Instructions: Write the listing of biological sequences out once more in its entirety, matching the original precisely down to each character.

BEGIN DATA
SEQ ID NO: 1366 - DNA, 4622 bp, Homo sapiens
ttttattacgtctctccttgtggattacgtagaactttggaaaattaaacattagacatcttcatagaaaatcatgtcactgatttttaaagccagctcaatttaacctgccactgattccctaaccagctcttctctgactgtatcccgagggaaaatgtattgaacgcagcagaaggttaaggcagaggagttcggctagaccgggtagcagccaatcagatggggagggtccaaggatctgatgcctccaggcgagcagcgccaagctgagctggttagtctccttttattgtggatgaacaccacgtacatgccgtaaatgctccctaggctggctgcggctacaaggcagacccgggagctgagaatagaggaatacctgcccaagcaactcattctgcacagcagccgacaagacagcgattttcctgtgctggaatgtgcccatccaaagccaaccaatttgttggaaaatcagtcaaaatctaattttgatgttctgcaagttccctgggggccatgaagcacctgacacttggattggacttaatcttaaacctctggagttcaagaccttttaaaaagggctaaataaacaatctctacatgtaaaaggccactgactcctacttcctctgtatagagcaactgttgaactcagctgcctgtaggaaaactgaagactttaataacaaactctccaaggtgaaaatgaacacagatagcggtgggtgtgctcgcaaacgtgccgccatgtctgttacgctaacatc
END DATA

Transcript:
SEQ ID NO: 1366 - DNA, 4622 bp, Homo sapiens
ttttattacgtctctccttgtggattacgtagaactttggaaaattaaacattagacatcttcatagaaaatcatgtcactgatttttaaagccagctcaatttaacctgccactgattccctaaccagctcttctctgactgtatcccgagggaaaatgtattgaacgcagcagaaggttaaggcagaggagttcggctagaccgggtagcagccaatcagatggggagggtccaaggatctgatgcctccaggcgagcagcgccaagctgagctggttagtctccttttattgtggatgaacaccacgtacatgccgtaaatgctccctaggctggctgcggctacaaggcagacccgggagctgagaatagaggaatacctgcccaagcaactcattctgcacagcagccgacaagacagcgattttcctgtgctggaatgtgcccatccaaagccaaccaatttgttggaaaatcagtcaaaatctaattttgatgttctgcaagttccctgggggccatgaagcacctgacacttggattggacttaatcttaaacctctggagttcaagaccttttaaaaagggctaaataaacaatctctacatgtaaaaggccactgactcctacttcctctgtatagagcaactgttgaactcagctgcctgtaggaaaactgaagactttaataacaaactctccaaggtgaaaatgaacacagatagcggtgggtgtgctcgcaaacgtgccgccatgtctgttacgctaacatc